The first half of this Politico article is dedicated to the Federal Government and others like Grijalva (D-AZ), who is calling for a boycott of his own state, and Gutierrez (D-Ill), who is just another cog in the Chicago politcal machine. These are open borders advocates and members of La Raza who are against AZ SB 1070, of course. But scroll down to the bottom of the article and find that 30 lawmakers have signed onto an amicus brief to be filed ins upport of AZ SB 1070.
After the American Civil Liberties Union filed suit in May to reverse the Arizona law, Rep. Tom McClintock (R-Calif.) this week drafted 17 House colleagues to become party to a friend of the court brief backing the state.
Most of the GOP’s participation and focus, however, has centered on the Justice Department suit.
This week, two border state congressmen, Rep. Brian Bilbray (R-Calif.) and Rep. Trent Franks (R-Ariz.), have been collecting signatures from the nearly 100 members of the Immigration Reform Caucus for an amicus brief that will be filed in support of Arizona on Monday. By Thursday, about 30 lawmakers had signed on.
“Arizona has not created a counter policy. It is completely parallel and consistent with federal law,” said Bilbray, the caucus chairman who represents a San Diego-area district. “All [Arizona has] done is taken the federal law, moderated it, actually put more protection against (racial) profiling.”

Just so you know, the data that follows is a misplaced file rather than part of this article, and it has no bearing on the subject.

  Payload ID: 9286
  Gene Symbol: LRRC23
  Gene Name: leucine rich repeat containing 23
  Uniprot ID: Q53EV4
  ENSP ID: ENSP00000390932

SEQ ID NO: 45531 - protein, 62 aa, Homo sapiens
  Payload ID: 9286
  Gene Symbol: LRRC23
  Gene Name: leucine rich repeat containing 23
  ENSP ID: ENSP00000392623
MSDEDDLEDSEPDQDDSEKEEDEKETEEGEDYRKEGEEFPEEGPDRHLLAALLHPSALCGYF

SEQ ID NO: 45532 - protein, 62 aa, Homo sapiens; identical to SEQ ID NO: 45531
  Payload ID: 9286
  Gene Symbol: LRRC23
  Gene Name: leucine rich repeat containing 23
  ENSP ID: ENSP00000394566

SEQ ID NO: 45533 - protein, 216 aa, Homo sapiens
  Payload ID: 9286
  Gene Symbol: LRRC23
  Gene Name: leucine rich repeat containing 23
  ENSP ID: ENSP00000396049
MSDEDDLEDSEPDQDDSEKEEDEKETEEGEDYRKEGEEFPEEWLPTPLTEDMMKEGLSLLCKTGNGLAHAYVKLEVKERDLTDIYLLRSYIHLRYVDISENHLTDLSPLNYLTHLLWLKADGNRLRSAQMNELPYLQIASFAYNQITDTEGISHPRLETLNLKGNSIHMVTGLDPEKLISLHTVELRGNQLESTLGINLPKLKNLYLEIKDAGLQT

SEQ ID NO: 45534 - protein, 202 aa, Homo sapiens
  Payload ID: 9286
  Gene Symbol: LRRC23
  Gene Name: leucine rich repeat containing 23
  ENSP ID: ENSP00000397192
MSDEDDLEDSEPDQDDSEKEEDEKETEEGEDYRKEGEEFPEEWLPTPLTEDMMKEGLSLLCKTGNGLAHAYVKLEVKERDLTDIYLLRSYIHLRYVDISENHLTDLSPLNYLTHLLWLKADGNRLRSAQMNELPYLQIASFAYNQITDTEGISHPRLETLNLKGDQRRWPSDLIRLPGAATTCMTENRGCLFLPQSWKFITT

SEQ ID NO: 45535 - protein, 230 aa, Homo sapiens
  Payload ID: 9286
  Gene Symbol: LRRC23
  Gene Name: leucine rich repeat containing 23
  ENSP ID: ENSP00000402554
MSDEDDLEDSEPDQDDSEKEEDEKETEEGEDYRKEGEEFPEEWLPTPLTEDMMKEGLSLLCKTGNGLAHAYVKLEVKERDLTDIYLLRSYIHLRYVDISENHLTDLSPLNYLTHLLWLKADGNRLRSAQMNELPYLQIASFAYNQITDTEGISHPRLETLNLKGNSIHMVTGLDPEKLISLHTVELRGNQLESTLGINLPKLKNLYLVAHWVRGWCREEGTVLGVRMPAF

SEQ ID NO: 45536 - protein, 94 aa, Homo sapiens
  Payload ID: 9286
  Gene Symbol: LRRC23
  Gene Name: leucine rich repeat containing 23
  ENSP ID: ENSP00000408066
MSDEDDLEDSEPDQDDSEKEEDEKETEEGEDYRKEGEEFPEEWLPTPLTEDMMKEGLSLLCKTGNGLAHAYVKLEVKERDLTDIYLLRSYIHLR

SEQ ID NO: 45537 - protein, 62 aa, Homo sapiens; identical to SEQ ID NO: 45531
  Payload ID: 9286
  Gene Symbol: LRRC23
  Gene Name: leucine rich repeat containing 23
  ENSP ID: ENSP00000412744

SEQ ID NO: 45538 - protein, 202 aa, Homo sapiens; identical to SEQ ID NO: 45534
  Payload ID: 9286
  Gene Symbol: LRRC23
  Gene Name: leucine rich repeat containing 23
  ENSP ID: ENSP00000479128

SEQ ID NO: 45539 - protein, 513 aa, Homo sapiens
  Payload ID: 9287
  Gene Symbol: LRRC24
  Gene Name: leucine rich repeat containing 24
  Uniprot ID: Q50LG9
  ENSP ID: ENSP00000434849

DeMint and Vitter, meanwhile, are using the congressional amendment process to try to undermine the Justice Department. The two introduced an appropriations amendment to a small business bill that would ban federal funds from being used in any lawsuit seeking to overturn provisions of Arizona’s strict immigration law. The bill is set to be debated on the floor next week.
Vitter declined to comment Thursday but noted in a statement that polls show a majority of Americans reject the Justice Department suit.
“The state of Arizona is simply taking responsibility for a problem that the federal government has neglected for years, but Washington’s only response is to oppose these new enforcement efforts and take them to court,” Vitter said. “The Obama administration should not use taxpayers’ money to pay for these lawsuits that the American people overwhelmingly oppose.”